Brihanmumbai Municipal Corporation (BMC) officials blamed the high level of water contamination in the city to the old distribution network, leaks and cracks in the pipelines.
The Hindustan Times collected 10 water samples from housing societies across the city and got them tested at the civic lab at Dadar. Six of the samples - collected from Chembur, Mahim, Andheri, Borivli, Bandra and Ghatkopar - were found to be unfit for drinking. They were contaminated with the A.aerogenes and coliform bacteria that cause stomach, intestinal and eye infections.
Hydraulic Department officials said on condition of anonymity as they are not authorized to speak to the media that the BMC supplies water till the main road of an area. From there, separate pipelines are laid to individual buildings. Contamination could occur in these pipelines too.
Even in the Environmental Status Report (2009-2010), the findings of which Hindustan Times reported on August 6, the BMC said there was seepage of sewage water into the supply pipelines, corrosion of the pipe and defects in valves leading. This led to an increase in the contamination level to 26.10% from 13.80% in 2008-2009.
"We will have to ascertain the source of contamination in these cases [the samples that Hindustan Times collected]. I will direct my officers to examine the spots," said Additional Municipal Commissioner Aseem Gupta, who heads the Hydraulic Department.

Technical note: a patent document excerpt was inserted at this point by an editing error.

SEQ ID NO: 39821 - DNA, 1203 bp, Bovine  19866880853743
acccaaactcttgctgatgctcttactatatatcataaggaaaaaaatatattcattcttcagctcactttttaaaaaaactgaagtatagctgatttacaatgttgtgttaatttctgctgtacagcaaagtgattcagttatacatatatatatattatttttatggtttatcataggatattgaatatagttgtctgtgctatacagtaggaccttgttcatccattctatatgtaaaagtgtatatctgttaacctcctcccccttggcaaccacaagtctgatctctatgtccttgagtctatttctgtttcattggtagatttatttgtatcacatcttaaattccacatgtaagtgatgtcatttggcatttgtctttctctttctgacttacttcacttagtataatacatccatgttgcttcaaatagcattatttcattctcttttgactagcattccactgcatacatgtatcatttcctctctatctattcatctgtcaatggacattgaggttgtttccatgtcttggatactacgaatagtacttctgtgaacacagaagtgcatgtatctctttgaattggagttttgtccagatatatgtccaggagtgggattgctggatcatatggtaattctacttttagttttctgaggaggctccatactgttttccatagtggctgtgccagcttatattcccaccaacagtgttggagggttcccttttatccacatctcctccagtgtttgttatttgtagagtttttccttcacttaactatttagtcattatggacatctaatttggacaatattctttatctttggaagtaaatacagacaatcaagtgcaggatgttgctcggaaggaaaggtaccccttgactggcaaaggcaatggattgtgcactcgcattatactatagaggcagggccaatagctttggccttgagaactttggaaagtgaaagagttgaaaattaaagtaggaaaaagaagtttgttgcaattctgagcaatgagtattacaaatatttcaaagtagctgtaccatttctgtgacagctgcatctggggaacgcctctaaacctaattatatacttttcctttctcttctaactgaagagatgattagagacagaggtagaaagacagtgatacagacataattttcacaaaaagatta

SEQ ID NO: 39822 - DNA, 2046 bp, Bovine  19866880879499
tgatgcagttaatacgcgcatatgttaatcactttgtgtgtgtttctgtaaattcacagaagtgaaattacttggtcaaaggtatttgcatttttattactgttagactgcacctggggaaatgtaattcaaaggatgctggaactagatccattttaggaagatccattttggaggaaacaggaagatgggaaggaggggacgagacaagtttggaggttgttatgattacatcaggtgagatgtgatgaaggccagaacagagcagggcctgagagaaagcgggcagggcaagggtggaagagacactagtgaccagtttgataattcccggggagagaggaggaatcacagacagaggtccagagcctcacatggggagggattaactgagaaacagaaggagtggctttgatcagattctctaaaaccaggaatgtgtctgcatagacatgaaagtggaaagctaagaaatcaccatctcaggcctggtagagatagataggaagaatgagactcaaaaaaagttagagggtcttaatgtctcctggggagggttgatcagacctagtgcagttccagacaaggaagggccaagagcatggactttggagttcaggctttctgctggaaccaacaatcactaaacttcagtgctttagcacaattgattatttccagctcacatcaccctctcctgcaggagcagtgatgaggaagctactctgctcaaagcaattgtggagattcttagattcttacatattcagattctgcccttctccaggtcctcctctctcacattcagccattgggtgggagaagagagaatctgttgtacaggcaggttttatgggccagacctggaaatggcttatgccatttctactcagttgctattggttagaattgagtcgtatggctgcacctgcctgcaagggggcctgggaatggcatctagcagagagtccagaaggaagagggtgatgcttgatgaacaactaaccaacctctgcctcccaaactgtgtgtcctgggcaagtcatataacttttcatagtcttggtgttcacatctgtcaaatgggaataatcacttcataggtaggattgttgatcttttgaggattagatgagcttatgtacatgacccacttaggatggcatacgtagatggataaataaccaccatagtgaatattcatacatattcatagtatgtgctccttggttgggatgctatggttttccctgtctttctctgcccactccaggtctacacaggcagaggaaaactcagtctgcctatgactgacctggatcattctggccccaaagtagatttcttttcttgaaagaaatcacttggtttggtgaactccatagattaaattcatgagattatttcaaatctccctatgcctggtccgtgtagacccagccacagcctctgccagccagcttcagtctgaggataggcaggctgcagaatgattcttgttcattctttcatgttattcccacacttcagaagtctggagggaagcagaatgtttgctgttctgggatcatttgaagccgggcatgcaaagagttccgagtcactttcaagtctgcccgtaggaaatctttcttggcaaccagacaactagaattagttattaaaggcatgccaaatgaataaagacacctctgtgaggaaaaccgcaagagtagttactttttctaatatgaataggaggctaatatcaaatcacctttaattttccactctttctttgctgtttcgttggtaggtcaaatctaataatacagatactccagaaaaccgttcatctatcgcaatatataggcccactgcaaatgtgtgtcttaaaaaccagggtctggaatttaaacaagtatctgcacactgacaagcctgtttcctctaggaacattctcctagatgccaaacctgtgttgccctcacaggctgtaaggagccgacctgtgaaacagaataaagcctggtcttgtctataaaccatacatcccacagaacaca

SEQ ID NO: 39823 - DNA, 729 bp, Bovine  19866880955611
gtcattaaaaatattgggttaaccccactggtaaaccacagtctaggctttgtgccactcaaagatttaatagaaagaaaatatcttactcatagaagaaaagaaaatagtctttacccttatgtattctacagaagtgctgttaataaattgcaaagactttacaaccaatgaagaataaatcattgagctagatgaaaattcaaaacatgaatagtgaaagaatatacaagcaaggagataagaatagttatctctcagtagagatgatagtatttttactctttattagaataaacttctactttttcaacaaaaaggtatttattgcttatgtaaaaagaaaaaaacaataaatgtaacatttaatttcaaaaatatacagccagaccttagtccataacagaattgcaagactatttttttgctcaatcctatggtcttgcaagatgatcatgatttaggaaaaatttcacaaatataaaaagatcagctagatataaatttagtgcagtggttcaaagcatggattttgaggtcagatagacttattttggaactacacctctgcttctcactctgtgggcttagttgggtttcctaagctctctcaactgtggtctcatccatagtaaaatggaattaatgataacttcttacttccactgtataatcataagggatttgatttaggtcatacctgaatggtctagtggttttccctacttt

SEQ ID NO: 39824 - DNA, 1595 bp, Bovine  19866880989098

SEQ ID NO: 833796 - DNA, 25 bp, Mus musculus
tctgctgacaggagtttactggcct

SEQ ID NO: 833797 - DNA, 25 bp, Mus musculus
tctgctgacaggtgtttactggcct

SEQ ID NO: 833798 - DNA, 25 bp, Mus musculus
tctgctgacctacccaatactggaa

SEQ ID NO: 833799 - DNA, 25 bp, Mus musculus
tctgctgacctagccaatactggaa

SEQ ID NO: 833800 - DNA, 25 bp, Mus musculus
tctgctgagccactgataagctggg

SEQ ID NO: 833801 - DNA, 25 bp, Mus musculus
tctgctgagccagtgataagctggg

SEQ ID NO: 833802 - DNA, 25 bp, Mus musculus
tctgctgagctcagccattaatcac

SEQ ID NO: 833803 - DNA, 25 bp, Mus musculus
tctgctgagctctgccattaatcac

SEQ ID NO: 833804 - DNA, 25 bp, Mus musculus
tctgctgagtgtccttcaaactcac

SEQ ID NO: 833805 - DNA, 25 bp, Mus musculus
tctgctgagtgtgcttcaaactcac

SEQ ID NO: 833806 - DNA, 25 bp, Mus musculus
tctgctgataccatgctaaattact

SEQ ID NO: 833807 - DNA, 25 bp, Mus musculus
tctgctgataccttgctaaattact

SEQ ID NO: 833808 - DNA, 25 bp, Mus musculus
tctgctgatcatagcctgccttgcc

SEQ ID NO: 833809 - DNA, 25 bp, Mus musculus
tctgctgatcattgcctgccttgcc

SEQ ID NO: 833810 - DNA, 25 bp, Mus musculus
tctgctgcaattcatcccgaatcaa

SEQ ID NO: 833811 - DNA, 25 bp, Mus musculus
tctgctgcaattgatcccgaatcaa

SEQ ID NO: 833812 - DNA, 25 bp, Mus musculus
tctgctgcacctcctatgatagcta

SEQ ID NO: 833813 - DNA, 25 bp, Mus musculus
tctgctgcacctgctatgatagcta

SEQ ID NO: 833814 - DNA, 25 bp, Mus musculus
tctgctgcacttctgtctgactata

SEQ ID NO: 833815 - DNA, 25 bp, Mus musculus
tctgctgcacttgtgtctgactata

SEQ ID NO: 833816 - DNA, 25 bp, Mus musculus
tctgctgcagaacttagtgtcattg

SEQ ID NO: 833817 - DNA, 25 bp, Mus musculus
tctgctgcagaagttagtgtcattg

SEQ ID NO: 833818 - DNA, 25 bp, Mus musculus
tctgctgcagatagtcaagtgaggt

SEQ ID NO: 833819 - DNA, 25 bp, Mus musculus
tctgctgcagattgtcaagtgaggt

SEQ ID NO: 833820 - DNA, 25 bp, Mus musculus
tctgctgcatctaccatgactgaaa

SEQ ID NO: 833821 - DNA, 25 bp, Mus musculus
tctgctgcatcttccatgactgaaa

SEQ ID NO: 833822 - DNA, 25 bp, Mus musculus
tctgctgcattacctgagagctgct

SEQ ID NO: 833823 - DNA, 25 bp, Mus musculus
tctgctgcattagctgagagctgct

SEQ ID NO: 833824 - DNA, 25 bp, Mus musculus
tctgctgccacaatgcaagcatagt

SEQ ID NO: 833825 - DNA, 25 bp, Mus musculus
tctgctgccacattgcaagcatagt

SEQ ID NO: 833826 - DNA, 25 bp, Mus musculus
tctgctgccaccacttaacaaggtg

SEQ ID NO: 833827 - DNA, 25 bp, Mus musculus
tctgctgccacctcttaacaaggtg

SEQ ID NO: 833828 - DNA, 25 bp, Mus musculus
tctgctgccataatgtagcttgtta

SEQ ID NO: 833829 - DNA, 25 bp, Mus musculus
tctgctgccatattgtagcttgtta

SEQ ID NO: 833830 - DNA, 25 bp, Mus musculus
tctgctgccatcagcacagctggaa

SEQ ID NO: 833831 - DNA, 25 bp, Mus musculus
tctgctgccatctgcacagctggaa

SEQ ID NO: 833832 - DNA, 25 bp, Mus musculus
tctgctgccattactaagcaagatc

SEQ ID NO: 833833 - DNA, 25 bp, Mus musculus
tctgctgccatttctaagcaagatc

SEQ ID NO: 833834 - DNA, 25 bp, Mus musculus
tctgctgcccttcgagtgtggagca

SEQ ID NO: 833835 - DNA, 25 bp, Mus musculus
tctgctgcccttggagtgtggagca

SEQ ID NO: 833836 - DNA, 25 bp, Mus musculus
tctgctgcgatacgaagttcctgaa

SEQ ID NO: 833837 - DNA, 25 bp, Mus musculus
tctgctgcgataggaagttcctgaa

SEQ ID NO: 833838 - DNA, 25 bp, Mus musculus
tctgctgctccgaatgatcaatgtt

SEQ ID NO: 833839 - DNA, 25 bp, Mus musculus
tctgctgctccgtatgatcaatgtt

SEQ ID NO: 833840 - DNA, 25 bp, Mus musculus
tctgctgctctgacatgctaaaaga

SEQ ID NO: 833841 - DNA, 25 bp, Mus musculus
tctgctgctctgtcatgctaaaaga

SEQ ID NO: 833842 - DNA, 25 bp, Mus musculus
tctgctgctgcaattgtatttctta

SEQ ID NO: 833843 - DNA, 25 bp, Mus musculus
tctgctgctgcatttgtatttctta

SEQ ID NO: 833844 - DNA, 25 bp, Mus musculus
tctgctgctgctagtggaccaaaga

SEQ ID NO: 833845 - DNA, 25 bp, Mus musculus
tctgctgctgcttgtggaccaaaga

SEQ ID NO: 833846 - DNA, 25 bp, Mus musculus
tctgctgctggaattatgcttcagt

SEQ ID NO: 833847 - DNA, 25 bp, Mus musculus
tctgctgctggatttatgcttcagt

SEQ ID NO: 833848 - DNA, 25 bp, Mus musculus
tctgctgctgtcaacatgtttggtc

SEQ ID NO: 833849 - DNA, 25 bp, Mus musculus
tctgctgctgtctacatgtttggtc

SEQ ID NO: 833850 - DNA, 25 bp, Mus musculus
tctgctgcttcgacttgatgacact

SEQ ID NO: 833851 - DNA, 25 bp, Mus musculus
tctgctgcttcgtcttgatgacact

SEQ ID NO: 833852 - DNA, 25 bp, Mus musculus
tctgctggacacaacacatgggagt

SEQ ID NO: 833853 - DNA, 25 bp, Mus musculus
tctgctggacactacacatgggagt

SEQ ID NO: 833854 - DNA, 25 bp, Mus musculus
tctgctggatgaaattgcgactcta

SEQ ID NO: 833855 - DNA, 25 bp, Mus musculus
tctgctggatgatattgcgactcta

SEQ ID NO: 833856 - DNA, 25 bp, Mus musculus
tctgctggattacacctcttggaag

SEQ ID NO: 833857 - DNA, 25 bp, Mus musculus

Officials also said that the BMC's 4,000-km water distribution network had several flaws. For instance, officials said, the presence of coliform organisms could be due to a problem in the chlorination system.
Water from the lakes is pumped to the Bhandup filtration plant. After a series of filtration procedures, the water is stored in 33 reservoirs across the city. It is pumped to your home from these reservoirs.
The reservoirs, officials said, were old and cracked, which too could lead to contamination. Gupta, however, ruled out contamination at this stage.
"Reservoir staff has been instructed to chlorinate water before it is supplied," said a hydraulic engineer.
Officials said work on replacing the old pipelines is being carried out on a war footing. Also, pipelines are being replaced with tunnels to avoid ruptures.
Rs 690 crore has been set aside for pipeline replacement and repairing reservoirs.
The 250-km, 100-year-old Tansa main, one of Mumbai's oldest distribution lines, ruptured over 300 times last year. Replacement work began in 2008, but so far only 42 km is complete.